The garden can suffer and benefit from all sorts of wildlife visitors. Insects such as bees and butterflies are critical to vegetation pollination, but the caterpillars that will some day become those butterflies can do significant damage to plants in the meantime.
Plenty of other insects will also harm plants, and outside of chemical treatments, there is very little that can be done to discourage them.
The easiest and most environmentally friendly option is typically insecticidal soap. This is sold in a spray bottle and has a chemical in it referred to as "potassium salts of fatty acids." When sprayed on insects, this will kill them quickly by disrupting their cellular structure.
When applying any chemical into the garden, be sure to understand how it works, how to apply it and how long it will be before you can safely eat or even touch the plants that have been treated. For fatty acid sprays, vegetables can often be used the same day they are treated as long as they are well washed.
Plant More Flowers
To encourage natural predators to eliminate insects, plant more flowers. Lots of big blooming flowers will attract pollinating insects and many insects that feed on pollen will also eat smaller insect pests.
Sprays, Nets and Fences
Bigger pests require bigger prevention. Tomatoes are a favorite summer treat of all animals, human and otherwise. To protect them from friendly neighborhood squirrels, it really takes a little ingenuity. If there is a real problem, consider using a bird netting. It won't necessarily keep them out but it might make them uncomfortable get through it.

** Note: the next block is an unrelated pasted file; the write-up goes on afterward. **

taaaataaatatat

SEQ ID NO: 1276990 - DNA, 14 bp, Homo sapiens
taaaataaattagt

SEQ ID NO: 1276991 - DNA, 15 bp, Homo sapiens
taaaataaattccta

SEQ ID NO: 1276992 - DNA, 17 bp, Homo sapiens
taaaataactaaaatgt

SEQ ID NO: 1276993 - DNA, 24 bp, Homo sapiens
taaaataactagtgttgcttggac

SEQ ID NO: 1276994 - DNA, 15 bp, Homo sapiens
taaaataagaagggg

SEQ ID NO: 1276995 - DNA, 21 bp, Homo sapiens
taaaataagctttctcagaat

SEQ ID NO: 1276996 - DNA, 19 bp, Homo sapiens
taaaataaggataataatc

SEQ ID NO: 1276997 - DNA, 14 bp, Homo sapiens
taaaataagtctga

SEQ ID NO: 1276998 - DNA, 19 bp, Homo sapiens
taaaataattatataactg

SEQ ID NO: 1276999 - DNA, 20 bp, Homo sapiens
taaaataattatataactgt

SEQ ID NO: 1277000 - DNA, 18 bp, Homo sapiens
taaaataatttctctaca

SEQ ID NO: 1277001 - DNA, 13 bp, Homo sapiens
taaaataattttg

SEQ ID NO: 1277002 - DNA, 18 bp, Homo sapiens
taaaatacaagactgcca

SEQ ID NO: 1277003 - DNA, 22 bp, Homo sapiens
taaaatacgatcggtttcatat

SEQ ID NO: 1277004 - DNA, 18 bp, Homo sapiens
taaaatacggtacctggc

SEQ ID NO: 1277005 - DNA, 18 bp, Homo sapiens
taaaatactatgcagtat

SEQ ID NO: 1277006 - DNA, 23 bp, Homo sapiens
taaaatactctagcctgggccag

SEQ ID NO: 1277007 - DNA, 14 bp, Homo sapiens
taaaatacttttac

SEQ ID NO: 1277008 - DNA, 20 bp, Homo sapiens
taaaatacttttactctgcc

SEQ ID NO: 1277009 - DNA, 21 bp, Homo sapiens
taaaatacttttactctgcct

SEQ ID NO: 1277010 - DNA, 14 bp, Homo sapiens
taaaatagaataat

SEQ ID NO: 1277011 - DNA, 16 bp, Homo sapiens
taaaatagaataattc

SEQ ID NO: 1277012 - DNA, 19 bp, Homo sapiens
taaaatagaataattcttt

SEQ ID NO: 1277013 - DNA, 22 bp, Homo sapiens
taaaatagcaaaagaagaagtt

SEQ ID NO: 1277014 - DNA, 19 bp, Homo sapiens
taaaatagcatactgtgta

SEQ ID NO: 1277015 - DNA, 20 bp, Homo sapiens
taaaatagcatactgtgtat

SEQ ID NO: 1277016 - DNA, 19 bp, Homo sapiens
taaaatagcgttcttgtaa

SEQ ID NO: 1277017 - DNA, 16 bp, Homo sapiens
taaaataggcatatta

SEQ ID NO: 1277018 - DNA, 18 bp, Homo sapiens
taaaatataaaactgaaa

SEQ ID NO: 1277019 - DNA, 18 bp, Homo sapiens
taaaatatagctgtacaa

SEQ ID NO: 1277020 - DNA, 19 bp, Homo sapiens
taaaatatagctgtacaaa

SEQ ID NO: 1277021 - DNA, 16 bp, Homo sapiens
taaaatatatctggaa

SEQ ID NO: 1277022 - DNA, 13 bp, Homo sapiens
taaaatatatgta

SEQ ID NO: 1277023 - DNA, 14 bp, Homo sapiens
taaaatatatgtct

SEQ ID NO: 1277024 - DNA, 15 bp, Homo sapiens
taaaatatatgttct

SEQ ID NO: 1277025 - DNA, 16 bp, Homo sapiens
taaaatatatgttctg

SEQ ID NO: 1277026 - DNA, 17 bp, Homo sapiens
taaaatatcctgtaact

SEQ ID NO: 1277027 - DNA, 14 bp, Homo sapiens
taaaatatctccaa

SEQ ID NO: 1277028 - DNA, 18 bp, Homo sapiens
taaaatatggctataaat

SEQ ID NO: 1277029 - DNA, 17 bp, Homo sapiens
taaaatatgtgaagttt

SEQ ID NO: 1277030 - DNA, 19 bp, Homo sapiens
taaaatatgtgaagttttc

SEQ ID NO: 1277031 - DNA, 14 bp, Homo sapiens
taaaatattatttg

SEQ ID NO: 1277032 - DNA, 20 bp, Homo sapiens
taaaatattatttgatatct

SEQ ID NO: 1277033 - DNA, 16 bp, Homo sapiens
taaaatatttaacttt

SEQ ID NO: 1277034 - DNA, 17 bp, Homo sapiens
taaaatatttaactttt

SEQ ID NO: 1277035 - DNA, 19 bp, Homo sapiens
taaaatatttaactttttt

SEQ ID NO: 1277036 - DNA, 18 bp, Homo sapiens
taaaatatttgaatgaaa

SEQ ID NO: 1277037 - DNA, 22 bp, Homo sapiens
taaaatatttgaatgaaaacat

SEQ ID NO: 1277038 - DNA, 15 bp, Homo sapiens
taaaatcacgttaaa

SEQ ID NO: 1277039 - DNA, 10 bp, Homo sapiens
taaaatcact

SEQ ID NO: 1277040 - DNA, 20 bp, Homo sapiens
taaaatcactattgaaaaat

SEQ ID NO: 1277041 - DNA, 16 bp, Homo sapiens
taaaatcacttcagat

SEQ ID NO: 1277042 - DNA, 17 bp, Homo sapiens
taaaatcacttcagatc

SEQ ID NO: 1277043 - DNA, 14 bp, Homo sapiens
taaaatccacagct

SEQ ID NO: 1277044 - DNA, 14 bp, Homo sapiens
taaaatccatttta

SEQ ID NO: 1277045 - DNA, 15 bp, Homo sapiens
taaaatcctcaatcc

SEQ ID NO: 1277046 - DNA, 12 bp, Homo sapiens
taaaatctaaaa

Some gardeners swear by sprays that have a sulfur smell like rotting eggs that is sprayed around plants to ward off chipmunks, squirrels and even deer. Effectiveness varies greatly on whether there are easier food sources elsewhere.
Speaking of deer, there is one foolproof method of keeping them out of a garden: Fences. Solid or mesh fences, at least 10 feet tall. They can crawl under fences only a foot off the ground and can easily jump an eight-foot fence with little clearance.
There are also products available on the market that either include or mimic the urine of predatory animals, like foxes and coyotes. When sprinkled or sprayed around the perimeter of a yard, the foul odor can sometimes be just enough to discourage intruders.
Live and Let Live
The other methods of dealing with garden pests would include giving in and enjoying the natural visitors into the yard, or possibly consider planting more than usual and plan on sharing. This method won’t thrill the neighbors and will probably just result in pest population growth long-term, but could make for a short-term educational experience for the kids.
Make Your Presence Known
The next best method of giving in would be to live in the garden. By making a human presence known and visiting often, larger animals won’t feel as comfortable dropping by. So enjoy the summer in the yard, especially during the animals active hours, early in the morning and in the early evening to dusk when many escape the shade of the hot days and venture out to seek some peaceful meals.
Of course, gardeners can always refer to the popular phrase, "If you can't beat em, join 'em." Take pride in the garden creation and share those benefits with some hungry four (or more) legged visitors.
Information for this column was contributed by , 292 Forest St., Needham, 781-444-2351, www.volantefarms.wordpress.com.